I’m not very good at videogames. This, in and of itself, is not particularly noteworthy. However, as a game studies scholar, playing through videogames and documenting them is often a key part of my research process. When games skew a bit towards the difficult — such as with platformers and old-school action titles — gaming prowess can become a prerequisite for progressing and reaching certain objectives. This raises some interesting questions for game studies scholars: How much time should we spend getting better at a game? Is it necessary to beat a title completely (100%, “good” ending, etc.)? What tools should we allow ourselves to leverage in order to further our research?
These questions swirled through my head as I played through Oddworld: Abe’s Oddysee for the class and games research project. Considered a blistering difficult title upon its release, Abe’s Oddysee epitomizes a number of hardcore nineties game design philosophies. Trial-and-error puzzles mixed with pinpoint jumping and running challenges make some of the stages frustrating, and it is fully expected that Abe will die a thousand deaths before completing his quest. Thus, circumventing death become a research concern as I delved into the title. Although I would never advocate fully eliminating “traditional” playthrough for difficult games, I found it beneficial to seek out resources to help lessen my frustration and create new opportunities for my games scholarship.
In the pre/early-Internet days, getting stuck in a videogame often meant hours of frustration. Online walkthroughs and FAQs were difficult to find and official strategy guides could be quite expensive, making it tough to get guidance for challenging games. Nowadays, the Internet offers a wealth of resources to aid players who hit a brick wall in certain titles. Although FAQs and walkthroughs are still prominent resources — popularized by websites like GameFAQs and IGN — there are a bevy of other ways that researchers can ease or complement their own gameplay experiences. Stuck on a level or think you missed something in your original playthrough? You can simply load up a 100% longplay video — a recorded playthrough of a game that aims to complete every single objective — to view the game in its entirety. Need some additional information on the development of a title? Websites such as The Cutting Room Floor hack apart videogames to find unused and cut content, providing insight into alpha and beta builds of a game. Want to learn more about recurring elements in broader videogame series? There’s probably a wiki for that! Although it is always important to verify these sources after finding them, they serve as useful context for a game studies scholar’s own findings. For me, these resources allowed me to explore aspects of the game that I had missed on the first go-around.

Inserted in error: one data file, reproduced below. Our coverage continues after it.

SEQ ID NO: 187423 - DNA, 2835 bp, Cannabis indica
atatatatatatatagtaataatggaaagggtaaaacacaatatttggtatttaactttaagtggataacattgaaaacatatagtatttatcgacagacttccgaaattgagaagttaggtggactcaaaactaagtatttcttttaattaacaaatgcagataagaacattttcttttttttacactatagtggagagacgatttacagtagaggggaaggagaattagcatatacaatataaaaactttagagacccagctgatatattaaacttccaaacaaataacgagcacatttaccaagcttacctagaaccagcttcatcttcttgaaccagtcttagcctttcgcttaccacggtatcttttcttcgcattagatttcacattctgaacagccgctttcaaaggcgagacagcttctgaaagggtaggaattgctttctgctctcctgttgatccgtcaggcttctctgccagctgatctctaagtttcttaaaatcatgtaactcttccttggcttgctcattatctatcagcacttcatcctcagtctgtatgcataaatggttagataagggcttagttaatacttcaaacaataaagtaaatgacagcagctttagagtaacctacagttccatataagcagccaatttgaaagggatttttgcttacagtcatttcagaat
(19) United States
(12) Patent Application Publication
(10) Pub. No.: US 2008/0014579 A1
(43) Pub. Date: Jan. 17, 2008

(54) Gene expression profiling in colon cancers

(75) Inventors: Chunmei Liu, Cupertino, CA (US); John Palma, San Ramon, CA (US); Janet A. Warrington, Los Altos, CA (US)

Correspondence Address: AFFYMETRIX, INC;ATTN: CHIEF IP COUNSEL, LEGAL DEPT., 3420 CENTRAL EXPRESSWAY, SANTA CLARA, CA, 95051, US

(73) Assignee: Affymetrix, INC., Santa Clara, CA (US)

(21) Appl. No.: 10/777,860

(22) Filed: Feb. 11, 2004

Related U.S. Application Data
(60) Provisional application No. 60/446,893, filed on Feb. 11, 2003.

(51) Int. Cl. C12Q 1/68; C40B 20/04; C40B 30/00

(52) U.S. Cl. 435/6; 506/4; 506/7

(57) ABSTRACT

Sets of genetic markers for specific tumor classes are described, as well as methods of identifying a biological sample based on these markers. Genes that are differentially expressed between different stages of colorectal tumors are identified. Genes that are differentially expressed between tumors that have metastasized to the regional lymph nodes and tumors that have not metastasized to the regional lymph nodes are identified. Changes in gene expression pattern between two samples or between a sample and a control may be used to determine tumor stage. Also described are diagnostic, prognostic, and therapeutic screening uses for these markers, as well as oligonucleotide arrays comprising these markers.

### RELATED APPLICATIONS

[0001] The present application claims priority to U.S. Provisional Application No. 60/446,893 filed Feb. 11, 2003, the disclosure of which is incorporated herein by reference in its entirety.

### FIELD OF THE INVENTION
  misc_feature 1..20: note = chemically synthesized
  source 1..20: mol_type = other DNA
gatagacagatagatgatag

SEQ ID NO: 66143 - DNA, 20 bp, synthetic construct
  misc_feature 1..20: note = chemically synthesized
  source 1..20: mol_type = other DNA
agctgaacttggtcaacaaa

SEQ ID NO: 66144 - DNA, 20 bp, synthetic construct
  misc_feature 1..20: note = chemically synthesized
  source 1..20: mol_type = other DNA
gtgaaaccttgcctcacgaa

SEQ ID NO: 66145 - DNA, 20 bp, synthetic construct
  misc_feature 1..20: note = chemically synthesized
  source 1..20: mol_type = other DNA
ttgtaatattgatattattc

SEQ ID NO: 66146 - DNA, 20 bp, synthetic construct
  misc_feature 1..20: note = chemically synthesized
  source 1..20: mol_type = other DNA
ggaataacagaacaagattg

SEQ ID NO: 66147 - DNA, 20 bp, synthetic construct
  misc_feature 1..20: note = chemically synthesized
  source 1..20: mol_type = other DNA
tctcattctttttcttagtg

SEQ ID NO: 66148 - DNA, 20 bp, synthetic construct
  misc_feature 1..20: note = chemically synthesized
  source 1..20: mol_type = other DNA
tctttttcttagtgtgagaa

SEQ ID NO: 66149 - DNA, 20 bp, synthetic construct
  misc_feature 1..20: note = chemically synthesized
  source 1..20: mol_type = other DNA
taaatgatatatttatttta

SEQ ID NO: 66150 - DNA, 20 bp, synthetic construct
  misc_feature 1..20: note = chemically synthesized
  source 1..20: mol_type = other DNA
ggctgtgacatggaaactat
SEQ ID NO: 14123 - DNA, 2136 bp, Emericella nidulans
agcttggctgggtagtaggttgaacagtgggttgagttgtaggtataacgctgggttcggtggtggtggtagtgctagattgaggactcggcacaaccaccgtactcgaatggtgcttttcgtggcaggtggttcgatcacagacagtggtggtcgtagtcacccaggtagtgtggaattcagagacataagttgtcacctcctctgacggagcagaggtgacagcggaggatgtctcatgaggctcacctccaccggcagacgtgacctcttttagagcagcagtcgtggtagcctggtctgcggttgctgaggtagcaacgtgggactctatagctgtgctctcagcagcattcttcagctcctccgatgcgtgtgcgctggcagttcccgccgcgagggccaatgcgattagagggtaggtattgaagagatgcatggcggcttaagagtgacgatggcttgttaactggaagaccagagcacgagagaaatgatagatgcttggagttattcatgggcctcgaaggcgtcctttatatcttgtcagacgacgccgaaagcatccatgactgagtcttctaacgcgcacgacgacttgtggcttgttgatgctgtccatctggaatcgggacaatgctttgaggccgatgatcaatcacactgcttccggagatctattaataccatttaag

Cheats, Hacks, Mods
Cheating may be a dirty word in many gaming circles, but when gameplay advantages can translate into better documentation, scholars would be remiss to denounce the practice entirely. When I played through videogame hacks for my master’s research, I made liberal use of save states — an emulator feature that allows players to record their progress at any time — in order to test out gameplay possibilities and mitigate my own lack of skill. Most console and PC games don’t allow for this type of functionality, but there are alternative methods for gaining the upper-hand. Cheat codes have persisted over the past decades, making it easier for players to progress without having to grind for levels and equipment. Some cheats even allow players to transport themselves to any level or stage, enabling non-linear navigation of a game and making it easy to revisit important sections (without having to begin the game anew).
Taking things one step further, videogame hacks and mods can make a game more malleable to a researcher’s needs. Save game editors are an increasingly common sight, particularly for PC games, and allow players to change aspects of their own save files or import ones made by other players. Translation mods allow researchers to play games that would otherwise be inaccessible due to language barriers, or can provide more direct/literal translations from the original, unlocalized source material. Debug menu hacks unearth hidden away developer tools, allowing players to change aspects of a game on the fly or isolate certain assets, such as music or graphics. Although there are undeniably some legal and ethical issues to resolve with these unauthorized technologies, they provide new methods for delving deeply into a digital game.
I’ll never be a speedrunner or competitive player — in fact, my track record with any game that doesn’t involve turn-based combat is dubious, at best. Thus, I see these types of tools and resources as a way to gain access to a broader range of gameplay experiences without having to invest hours of my life getting better at games I have no aptitude for, and I may never revisit again. Maybe I’ll never be able to earn my way to the “good endings” of my research games, but thanks to a variety of dedicated fan activities, I now have numerous ways to access them without turning my research into an endless grind.